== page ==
What You Can Do To Decrease Your Risk Of Colorectal Cancer

There are many cancers that come with visible signs and symptoms, but one of the deadliest may develop unbeknownst to you. Colorectal cancer is the third most common cancer in both men and women, according to the Centers for Disease Control and Prevention (CDC), and it's important to keep up with preventative care to protect yourself against it. 

Health Digest spoke with Andrea Cercek, M.D., Medical Oncologist at Memorial Sloan Kettering Cancer Center and Stand Up To Cancer Colorectal Cancer Dream Team Member, about best practices to fight colorectal cancer, and what to watch out for. 

She advises to start with your diet, and limit the amount of red meat, alcohol, and cigarettes you consume. "It is unclear if the same is true for early onset colorectal cancer (patients under the age of 50) but a healthy diet, high in fruits and vegetables and low in red meat, along with exercise is known to decrease the risk of colorectal cancer," she said.

Even while maintaining a healthy diet, it's still important for people over the age of 50, or anyone who develops symptoms, to get screened. "The most important thing people age 50 and over can do is get screened for colorectal cancer as it can save lives when detected early. I encourage everyone to get a colonoscopy, as colorectal cancer may not have symptoms initially," Dr. Cercek advises.

Here's what to be on the lookout for

Due to a rise in the incidence of early-onset colorectal cancer, experts are pushing to have the age recommendation for screening lowered to 45. In fact, Dr. Cercek says The American Cancer Society (ACS) has lowered the recommended screening age to 45 and the US Preventive Services Task Force (USPSTF) has also drafted similar recommendations. "The new recommendation will likely lower the screening age to 45 and insurance adoption should follow after that."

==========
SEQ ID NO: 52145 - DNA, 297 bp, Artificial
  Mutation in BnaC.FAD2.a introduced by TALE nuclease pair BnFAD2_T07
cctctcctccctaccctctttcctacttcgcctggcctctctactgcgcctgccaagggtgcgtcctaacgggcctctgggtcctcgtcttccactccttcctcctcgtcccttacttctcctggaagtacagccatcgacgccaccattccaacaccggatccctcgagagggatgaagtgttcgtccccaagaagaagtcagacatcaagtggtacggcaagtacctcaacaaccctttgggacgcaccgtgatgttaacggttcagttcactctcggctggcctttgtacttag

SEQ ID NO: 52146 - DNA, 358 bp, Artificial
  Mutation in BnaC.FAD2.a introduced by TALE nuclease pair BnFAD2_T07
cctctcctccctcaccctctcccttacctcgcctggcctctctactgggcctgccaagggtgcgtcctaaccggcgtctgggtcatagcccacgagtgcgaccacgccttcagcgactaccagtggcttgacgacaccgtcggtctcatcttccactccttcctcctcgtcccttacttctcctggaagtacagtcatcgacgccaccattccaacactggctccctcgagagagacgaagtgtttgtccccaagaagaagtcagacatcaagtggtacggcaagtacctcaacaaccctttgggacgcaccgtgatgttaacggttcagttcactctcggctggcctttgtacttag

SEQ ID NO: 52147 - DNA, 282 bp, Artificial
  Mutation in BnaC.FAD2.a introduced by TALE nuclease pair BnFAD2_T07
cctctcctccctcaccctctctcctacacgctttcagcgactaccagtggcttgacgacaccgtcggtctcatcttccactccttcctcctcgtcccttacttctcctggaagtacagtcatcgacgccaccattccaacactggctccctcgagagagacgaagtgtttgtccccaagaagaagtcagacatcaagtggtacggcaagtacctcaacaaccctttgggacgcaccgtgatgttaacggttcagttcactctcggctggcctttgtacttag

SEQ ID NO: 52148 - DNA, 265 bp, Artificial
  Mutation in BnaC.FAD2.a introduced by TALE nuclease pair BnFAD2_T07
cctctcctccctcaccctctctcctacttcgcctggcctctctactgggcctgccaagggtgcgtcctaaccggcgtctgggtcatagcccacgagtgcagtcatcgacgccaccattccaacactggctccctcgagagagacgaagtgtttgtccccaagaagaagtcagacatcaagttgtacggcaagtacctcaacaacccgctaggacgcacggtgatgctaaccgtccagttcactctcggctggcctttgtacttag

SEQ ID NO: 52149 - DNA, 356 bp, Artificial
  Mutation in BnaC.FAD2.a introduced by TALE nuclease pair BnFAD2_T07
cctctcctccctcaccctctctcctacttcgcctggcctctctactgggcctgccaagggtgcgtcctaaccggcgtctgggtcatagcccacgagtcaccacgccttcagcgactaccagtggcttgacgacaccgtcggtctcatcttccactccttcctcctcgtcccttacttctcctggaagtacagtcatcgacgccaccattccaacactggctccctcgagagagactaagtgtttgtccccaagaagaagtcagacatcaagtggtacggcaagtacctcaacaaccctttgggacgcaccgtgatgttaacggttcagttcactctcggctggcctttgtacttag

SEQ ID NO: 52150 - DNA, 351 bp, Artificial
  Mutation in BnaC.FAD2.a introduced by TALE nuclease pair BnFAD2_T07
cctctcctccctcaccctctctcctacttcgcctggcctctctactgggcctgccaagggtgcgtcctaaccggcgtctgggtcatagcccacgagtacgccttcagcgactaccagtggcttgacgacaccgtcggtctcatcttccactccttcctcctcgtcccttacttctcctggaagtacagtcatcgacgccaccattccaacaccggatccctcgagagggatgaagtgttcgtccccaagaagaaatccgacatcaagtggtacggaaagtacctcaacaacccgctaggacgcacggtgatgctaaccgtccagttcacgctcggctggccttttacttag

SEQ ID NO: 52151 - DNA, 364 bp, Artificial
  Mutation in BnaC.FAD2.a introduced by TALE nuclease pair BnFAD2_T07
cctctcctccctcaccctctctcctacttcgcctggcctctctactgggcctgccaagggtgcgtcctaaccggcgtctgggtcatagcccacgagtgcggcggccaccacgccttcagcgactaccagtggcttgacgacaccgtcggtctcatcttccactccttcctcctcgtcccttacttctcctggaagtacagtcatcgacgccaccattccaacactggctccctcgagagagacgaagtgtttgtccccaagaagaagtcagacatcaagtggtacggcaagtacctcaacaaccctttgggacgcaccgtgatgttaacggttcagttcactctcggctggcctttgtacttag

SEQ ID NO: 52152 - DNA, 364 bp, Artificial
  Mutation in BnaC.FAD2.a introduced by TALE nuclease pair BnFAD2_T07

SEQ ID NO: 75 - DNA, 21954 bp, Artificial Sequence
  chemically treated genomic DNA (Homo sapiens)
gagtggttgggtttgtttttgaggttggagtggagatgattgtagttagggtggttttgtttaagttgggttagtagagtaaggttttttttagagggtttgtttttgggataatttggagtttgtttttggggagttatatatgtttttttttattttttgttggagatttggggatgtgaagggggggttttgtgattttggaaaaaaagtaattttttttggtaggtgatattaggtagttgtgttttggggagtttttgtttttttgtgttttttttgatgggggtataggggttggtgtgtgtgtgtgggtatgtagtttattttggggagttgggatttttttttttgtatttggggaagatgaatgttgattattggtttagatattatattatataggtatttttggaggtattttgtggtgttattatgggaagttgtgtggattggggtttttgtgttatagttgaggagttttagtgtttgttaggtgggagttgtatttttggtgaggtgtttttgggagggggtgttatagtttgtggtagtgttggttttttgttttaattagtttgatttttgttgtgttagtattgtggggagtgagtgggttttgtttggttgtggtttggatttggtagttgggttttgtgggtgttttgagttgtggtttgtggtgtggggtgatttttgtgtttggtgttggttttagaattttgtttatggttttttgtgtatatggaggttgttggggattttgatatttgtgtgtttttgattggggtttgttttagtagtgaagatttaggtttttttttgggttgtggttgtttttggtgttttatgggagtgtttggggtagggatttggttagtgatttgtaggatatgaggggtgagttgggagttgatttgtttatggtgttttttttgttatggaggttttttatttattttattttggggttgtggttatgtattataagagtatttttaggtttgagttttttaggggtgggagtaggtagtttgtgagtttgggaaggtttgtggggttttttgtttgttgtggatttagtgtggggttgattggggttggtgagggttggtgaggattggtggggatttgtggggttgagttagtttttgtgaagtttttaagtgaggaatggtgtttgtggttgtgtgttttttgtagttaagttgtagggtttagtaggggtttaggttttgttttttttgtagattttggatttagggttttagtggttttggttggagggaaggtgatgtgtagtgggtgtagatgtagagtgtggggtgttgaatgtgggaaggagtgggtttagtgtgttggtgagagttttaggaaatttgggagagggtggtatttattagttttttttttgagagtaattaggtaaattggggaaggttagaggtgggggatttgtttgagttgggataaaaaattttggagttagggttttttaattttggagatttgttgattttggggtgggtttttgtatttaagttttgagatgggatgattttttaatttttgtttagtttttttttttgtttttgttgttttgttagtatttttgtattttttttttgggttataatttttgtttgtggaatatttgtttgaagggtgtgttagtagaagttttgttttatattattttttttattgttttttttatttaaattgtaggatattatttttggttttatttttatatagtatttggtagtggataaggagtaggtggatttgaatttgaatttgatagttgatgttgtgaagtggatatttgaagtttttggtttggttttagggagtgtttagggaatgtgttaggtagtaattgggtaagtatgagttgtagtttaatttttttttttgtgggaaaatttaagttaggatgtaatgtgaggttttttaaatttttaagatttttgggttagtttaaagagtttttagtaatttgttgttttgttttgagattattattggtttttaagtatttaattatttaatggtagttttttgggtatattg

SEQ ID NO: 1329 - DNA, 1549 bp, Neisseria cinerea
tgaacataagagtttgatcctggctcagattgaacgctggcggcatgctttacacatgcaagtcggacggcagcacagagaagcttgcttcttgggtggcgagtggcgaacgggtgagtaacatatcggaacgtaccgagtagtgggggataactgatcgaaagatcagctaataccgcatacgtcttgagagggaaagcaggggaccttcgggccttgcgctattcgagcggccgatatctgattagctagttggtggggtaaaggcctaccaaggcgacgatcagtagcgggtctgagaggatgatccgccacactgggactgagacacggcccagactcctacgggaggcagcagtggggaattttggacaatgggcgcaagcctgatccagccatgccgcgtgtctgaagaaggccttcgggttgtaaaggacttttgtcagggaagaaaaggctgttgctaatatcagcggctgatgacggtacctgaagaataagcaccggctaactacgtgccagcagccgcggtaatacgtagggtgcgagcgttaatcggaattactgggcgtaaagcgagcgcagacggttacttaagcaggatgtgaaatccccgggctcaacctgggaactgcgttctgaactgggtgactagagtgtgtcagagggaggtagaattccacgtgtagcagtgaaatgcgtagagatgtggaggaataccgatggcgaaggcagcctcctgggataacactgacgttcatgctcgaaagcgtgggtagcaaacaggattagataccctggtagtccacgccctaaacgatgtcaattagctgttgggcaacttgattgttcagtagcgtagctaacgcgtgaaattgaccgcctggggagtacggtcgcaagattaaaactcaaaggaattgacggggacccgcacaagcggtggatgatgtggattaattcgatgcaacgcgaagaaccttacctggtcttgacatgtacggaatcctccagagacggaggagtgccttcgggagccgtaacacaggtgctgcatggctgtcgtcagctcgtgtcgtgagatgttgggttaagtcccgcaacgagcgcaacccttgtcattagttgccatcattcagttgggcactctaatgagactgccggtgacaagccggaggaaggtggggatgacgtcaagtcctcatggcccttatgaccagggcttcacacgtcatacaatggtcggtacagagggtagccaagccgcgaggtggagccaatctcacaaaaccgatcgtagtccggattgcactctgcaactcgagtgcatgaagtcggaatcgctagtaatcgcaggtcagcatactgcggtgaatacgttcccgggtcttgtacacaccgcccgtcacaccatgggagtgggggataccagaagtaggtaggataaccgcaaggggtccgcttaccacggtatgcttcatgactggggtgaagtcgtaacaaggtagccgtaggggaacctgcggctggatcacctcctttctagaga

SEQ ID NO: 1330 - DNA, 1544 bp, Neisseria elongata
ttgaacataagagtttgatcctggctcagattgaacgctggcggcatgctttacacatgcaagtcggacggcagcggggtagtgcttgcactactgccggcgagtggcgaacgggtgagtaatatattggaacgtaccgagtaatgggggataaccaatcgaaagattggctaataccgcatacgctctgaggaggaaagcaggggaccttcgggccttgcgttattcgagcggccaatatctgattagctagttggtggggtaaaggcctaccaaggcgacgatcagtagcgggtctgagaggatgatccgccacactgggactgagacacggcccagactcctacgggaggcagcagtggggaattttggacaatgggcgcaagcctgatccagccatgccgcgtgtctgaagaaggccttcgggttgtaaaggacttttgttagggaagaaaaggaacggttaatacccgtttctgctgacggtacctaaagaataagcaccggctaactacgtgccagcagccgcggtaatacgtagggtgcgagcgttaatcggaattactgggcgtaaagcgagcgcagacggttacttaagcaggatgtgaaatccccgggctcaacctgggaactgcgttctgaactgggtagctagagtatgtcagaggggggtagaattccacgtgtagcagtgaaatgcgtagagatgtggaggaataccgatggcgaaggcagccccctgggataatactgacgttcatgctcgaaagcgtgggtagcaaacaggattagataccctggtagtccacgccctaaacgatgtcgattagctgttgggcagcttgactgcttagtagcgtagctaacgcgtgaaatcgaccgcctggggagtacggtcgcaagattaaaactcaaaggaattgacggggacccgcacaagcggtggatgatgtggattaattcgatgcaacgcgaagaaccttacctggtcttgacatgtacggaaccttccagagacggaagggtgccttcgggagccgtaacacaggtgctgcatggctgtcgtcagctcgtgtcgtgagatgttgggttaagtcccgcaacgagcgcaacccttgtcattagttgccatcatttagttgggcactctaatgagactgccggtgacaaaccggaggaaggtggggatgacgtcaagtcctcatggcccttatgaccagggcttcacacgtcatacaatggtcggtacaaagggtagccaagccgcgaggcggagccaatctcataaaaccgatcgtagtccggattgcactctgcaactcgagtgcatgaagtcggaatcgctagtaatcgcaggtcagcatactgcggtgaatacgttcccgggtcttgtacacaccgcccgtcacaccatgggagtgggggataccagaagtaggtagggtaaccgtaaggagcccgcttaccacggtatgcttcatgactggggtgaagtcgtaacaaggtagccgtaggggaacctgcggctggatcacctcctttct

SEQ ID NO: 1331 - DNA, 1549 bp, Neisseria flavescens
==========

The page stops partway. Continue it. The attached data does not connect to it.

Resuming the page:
In addition to colonoscopies, there are also tests that can be done at home to screen for problems, says Dr. Cercek. "Talk with your medical provider to determine when you should start screening and what screening option is best for you."

People of any age should be aware of symptoms that could indicate a problem. These include changes in bowel habits like constipation, diarrhea, rectal bleeding, bright red blood, fatigue, or weight loss. If you notice any of these, speak with your healthcare provider as soon as possible. Don't be ashamed to be upfront with your doctor, who needs this valuable information in order to help. "Details are very important as they can help your provider determine whether you need to follow up with testing. Also, if you have a family history of colorectal cancer, it is really important to let your healthcare provider know this as well," Dr. Cercek says.